The eight-course, $70 Hana tasting:
Thanks to my dining companion cheeryvisage for her excellent memory; many of these are only labeled correctly because of her Flickr set.
When compared to the food at other high-end restaurants in the city, the food at Kajitsu can seem austere: an entire dish will be white or yellow, made up almost entirely of white rice or bamboo. No one flavor ever stands out, and even the tempuraed vegetables are tremendously fresh and light. I know that balance is sort of the point of this kind of food, but it can’t be stressed enough how subtle these dishes are, how you might get caught up in conversation and miss the simple perfection of a salted leaf or the smallest slice of peppercorn.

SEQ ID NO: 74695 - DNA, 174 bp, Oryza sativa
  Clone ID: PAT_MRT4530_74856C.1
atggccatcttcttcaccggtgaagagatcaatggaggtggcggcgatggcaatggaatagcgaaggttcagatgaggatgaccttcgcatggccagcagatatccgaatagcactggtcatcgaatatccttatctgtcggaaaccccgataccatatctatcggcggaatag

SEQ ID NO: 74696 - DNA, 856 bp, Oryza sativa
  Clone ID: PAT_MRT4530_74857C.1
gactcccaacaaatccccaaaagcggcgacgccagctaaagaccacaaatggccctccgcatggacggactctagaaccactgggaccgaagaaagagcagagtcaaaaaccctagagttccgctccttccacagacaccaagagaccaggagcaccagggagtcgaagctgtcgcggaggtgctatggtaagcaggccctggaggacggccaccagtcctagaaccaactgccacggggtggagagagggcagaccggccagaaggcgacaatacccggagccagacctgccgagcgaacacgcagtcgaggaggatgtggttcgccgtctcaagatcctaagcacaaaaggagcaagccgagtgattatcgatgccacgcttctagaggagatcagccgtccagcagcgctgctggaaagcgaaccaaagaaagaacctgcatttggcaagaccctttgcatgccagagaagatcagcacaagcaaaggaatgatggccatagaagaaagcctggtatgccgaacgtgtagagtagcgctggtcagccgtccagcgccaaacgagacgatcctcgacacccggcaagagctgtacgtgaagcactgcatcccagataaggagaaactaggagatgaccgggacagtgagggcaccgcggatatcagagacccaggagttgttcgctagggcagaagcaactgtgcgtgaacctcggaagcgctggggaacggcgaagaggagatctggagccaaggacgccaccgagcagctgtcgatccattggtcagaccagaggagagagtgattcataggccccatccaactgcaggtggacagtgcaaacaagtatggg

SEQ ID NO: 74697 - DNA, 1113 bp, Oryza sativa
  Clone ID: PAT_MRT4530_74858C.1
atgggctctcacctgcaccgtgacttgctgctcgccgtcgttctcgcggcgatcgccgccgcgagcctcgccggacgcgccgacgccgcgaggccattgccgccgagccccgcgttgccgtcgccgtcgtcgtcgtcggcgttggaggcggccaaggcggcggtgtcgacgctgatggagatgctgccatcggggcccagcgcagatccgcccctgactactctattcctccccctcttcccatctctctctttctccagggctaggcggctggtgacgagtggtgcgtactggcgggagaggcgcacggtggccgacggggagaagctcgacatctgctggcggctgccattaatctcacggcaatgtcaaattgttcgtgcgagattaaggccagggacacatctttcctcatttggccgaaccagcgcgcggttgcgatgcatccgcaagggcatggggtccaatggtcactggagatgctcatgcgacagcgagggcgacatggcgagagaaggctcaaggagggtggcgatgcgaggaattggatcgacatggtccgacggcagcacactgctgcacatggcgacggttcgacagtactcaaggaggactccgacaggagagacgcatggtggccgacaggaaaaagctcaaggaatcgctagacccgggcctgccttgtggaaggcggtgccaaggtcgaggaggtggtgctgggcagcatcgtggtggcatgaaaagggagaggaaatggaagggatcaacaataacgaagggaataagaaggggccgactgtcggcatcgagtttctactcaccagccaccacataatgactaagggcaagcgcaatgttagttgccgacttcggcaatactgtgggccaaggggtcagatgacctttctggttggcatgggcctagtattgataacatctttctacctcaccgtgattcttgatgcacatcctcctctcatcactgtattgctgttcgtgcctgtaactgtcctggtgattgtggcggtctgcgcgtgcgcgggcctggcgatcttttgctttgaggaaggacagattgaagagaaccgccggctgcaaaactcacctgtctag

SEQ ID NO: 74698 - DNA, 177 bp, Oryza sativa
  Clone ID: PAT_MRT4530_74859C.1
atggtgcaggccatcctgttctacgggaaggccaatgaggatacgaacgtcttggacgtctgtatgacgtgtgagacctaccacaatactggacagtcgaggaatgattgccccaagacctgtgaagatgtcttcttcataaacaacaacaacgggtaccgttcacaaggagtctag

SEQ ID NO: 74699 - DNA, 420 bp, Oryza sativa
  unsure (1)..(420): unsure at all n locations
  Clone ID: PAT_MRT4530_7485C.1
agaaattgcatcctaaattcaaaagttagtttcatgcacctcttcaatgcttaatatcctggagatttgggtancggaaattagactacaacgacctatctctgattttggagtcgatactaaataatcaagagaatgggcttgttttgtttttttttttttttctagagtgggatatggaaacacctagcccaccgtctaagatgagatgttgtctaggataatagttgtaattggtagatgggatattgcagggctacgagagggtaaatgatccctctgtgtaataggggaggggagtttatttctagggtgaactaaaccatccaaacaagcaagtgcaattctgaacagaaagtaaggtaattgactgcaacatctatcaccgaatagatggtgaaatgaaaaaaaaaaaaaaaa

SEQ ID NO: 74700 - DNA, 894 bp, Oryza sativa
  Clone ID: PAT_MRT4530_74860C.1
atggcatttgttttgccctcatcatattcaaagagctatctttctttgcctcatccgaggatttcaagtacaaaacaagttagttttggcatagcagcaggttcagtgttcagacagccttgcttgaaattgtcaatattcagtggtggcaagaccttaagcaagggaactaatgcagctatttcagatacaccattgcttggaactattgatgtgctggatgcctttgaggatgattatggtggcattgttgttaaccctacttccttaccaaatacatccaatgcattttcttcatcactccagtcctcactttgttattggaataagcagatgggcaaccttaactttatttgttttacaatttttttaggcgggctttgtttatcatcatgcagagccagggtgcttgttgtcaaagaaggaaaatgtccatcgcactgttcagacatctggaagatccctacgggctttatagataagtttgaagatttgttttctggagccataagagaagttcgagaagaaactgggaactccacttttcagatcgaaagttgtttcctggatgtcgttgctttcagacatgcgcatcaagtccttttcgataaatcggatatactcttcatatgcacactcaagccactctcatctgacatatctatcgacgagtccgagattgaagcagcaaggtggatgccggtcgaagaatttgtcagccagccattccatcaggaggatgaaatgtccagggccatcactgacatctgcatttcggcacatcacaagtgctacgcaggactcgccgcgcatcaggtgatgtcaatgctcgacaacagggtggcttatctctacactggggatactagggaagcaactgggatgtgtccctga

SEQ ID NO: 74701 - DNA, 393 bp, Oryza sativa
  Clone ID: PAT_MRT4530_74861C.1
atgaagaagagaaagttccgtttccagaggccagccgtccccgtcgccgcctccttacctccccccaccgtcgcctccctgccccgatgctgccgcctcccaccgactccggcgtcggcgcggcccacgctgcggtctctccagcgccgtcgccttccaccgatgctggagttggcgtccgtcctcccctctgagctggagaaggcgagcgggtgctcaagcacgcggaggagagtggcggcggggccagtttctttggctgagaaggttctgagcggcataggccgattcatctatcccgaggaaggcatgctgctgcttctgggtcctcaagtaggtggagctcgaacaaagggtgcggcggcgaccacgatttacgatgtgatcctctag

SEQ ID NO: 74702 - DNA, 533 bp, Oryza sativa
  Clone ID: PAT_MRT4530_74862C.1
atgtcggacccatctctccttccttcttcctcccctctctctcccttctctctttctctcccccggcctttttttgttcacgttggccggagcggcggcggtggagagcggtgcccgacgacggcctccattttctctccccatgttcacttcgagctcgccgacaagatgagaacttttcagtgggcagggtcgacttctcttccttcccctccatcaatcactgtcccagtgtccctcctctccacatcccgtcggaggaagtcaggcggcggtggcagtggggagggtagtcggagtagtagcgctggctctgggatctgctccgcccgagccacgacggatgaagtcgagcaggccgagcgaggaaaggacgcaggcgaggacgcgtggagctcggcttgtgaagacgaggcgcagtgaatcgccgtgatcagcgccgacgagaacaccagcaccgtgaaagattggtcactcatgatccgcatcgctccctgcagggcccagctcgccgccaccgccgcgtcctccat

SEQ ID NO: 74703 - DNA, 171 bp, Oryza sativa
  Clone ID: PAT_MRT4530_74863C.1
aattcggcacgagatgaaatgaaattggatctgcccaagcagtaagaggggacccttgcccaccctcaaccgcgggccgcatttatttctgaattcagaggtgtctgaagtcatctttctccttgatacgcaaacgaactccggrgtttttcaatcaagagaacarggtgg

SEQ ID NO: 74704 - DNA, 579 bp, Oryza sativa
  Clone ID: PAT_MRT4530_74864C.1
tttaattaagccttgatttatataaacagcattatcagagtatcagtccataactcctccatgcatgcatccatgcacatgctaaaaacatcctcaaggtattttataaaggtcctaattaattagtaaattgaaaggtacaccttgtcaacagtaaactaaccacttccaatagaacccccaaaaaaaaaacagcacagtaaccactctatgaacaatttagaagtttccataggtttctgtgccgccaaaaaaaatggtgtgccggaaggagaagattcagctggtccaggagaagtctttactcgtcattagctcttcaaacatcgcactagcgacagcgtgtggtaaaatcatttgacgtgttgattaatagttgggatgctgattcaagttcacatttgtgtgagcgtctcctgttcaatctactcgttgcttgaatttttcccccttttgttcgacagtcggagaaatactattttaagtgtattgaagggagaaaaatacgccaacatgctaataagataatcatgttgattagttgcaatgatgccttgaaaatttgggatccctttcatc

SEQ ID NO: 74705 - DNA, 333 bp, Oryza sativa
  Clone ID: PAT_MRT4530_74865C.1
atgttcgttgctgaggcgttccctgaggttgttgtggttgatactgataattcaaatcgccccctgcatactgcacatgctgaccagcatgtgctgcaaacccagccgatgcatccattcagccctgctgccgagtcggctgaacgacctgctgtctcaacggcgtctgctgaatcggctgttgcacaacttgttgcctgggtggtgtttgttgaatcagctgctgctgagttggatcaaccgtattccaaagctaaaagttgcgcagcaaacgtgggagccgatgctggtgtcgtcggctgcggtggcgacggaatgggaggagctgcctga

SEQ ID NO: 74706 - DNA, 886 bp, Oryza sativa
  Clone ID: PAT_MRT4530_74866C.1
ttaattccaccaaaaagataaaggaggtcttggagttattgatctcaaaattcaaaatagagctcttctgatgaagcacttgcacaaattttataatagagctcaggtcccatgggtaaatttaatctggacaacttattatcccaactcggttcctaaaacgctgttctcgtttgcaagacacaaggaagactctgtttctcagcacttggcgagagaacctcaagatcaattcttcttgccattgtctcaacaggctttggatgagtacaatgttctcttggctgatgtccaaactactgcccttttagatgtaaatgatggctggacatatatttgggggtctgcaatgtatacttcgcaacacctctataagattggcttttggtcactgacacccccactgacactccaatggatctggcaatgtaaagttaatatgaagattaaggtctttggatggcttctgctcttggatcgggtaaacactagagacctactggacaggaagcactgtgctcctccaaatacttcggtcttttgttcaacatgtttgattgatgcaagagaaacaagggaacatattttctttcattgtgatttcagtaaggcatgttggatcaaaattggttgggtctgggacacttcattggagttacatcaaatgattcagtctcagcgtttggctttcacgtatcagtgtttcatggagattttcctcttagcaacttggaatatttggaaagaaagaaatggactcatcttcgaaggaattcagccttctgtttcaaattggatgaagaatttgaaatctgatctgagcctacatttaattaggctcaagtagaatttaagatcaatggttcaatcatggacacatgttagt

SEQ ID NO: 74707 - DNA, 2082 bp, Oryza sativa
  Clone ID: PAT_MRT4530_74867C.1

I love Kajitsu for the seasoned eater and the diner who’s never seen a fiddlehead fern in real life alike. The food is artful and exciting in its simplicity. The boxes filled with four different kinds of unrecognized vegetation dazzle the eye, and the dishes served in covered bowls build anticipation. I didn’t once miss the meat during this tasting and instead delighted in knowing that I wasn’t going to run into a single sinew or bone. With this two-Michelin-starred restaurants in town, vegetarians have it pretty good.